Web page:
Optimization of the base material of carbide end mills can improve the cutting performance of carbide end mills. For example, the base material for the insert grade used to process steel parts should be selected from a manufacturer with better resistance to plastic deformation, thus reducing the possibility of micro-cracking in the coating of hard and brittle inserts. By secondary machining the inserts, the surface roughness and microcracks of their coating are reduced, thereby reducing the cutting heat and resulting plastic deformation and microcracks on the insert surface. In addition, a new substrate for machining inserts for cast iron has better heat resistance, which allows machining with higher cutting speeds.

Choose the right coating

The coating also helps to improve the cutting performance of carbide end mills. Current coating technologies include.

①Titanium Nitride (TiN) Coating: This is a general purpose PVD and CVD coating that improves the hardness and oxidation temperature of carbide end mills.

②Titanium Carbide (TiCN) Coating: By adding carbon to TiN, the hardness and surface finish of the coating is improved.

③Nitro-aluminum titanium (TiAlN) and nitro-aluminum titanium (AlTiN) coatings: the combined application of an alumina (Al2O3) layer with these coatings improves the life of carbide end mills for high temperature cutting. AlTiN coatings are particularly suitable for dry and near-dry cutting and have a higher aluminum content and higher surface hardness than TiAlN coatings with higher titanium content. AlTiN coatings are typically used for high-speed machining.

④Chromium Nitride (CrN) coating: This coating has better anti-adhesion properties and is the preferred solution against pemphigus.

Diamond coating: Diamond coating can significantly improve the cutting performance of carbide end mills for non-ferrous materials, and is very suitable for processing graphite, metal-based composites, high-silicon aluminum alloys and other highly abrasive materials. However, the diamond coating is not suitable for machining steel parts because its chemical reaction with the steel can damage the adhesion of the coating to the substrate.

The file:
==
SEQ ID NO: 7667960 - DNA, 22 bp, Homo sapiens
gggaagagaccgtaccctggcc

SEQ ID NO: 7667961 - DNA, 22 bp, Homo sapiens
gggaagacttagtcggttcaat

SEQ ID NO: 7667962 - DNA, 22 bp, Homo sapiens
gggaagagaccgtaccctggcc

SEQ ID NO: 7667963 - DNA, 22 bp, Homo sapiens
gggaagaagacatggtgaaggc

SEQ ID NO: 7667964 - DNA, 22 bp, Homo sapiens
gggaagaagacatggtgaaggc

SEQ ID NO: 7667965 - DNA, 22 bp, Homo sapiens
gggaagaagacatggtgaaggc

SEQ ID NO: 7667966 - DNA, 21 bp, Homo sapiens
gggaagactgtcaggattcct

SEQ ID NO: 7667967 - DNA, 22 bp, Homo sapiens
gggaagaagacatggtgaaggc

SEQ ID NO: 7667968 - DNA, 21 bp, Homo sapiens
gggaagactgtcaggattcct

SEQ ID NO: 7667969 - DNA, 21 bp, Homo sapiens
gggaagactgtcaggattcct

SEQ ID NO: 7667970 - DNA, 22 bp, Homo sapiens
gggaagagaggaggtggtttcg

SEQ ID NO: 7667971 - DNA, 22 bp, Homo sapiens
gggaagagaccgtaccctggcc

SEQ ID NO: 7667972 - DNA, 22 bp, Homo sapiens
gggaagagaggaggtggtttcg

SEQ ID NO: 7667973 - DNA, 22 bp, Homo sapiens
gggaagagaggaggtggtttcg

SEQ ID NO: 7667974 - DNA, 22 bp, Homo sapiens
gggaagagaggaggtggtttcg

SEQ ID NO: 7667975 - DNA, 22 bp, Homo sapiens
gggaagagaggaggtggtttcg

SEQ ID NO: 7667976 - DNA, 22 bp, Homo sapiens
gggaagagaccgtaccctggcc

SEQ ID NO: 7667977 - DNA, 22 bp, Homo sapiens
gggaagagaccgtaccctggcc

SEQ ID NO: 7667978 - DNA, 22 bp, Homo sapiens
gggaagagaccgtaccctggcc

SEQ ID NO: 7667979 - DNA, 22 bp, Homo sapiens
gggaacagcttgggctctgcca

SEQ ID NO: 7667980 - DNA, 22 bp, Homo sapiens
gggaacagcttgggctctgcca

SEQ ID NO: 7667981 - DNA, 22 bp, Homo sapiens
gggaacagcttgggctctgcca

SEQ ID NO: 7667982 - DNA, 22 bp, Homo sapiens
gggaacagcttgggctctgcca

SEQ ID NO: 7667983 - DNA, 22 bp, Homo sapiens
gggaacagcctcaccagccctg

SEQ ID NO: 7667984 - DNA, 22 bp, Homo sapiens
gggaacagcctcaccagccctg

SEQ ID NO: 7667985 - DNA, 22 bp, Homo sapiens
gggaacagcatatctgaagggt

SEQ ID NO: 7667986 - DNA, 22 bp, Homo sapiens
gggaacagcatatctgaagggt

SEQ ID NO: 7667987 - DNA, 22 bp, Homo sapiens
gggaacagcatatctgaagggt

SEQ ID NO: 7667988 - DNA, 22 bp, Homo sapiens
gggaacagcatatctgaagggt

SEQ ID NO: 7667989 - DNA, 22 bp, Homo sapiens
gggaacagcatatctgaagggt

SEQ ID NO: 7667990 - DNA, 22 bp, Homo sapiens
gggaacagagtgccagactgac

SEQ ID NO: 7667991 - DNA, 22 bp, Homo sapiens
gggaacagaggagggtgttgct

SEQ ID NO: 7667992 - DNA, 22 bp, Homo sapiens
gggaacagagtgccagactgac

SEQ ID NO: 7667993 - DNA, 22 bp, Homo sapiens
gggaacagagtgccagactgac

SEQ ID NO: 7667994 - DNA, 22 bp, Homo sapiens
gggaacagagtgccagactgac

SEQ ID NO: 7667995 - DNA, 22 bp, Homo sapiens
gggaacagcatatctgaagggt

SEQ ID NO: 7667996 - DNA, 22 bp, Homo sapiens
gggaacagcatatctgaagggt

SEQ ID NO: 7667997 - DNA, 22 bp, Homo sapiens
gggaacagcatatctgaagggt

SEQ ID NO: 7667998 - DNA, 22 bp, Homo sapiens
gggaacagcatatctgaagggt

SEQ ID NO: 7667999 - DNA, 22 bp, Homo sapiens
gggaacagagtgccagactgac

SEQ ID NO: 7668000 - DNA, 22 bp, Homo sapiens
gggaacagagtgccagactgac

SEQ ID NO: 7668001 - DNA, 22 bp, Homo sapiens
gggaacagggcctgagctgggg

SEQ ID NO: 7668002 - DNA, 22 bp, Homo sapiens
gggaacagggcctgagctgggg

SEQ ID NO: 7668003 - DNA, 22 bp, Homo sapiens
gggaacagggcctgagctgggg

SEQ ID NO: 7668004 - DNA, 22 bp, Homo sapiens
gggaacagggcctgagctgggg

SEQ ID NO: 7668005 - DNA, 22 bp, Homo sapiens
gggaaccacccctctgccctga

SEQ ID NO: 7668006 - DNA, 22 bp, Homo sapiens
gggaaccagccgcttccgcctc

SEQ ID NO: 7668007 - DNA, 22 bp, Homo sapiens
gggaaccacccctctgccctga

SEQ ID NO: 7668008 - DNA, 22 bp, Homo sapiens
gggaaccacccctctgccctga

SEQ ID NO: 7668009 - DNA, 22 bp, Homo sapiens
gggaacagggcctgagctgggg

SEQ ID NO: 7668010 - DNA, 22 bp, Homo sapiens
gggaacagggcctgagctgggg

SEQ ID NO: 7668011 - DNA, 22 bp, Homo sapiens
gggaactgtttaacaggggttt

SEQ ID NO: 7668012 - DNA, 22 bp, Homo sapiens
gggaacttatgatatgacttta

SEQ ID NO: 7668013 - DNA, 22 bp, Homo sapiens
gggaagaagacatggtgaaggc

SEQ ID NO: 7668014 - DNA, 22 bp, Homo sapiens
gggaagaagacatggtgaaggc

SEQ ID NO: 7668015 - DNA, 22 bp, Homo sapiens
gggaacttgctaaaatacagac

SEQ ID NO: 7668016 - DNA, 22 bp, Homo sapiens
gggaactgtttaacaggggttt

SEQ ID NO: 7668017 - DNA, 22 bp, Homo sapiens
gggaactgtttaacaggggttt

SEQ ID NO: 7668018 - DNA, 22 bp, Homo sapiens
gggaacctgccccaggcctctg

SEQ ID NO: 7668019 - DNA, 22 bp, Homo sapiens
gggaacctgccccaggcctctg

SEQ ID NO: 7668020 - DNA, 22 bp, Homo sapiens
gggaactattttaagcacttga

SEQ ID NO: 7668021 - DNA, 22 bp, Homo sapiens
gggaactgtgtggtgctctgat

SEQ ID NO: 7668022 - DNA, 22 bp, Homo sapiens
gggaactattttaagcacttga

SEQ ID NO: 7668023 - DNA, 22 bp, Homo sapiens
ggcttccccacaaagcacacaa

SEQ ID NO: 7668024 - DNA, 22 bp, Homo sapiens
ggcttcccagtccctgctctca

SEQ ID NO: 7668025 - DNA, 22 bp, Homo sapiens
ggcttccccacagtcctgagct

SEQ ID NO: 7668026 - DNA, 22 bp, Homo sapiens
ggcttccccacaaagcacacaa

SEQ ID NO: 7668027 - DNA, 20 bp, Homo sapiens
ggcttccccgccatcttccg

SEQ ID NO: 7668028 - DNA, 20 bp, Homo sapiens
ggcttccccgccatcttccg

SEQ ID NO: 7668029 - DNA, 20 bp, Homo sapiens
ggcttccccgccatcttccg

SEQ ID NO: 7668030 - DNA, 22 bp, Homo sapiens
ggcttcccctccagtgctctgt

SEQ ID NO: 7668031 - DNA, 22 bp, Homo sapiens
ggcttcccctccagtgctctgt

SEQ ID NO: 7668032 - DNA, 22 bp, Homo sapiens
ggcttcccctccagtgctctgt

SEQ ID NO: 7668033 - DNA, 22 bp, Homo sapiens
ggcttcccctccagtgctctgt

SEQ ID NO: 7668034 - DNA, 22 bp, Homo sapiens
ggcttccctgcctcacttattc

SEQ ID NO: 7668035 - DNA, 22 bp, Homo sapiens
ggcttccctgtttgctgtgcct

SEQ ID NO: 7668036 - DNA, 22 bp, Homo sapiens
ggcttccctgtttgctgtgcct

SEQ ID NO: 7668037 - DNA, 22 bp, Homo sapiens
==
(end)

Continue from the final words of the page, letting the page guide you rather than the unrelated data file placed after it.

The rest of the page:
In recent years, the market share of PVD-coated carbide end mills has expanded and their price is comparable to that of CVD-coated carbide end mills. The thickness of the CVD coating is usually 5-15µm, while the thickness of the PVD coating is about 2-6µm. The CVD coating produces unwelcome pulling stresses when applied to the carbide end mills substrate, while the PVD coating helps to create beneficial compressive stresses on the substrate. Thicker CVD coatings usually significantly reduce the cutting edge strength of carbide end mills. Therefore, the CVD coating cannot be used on carbide end mills that require a very sharp cutting edge.

The use of new alloying elements in the coating process can improve the adhesion and coating performance. WOTEK coating technology also reduces friction, thereby reducing energy consumption in the process and increasing resistance to phytoma.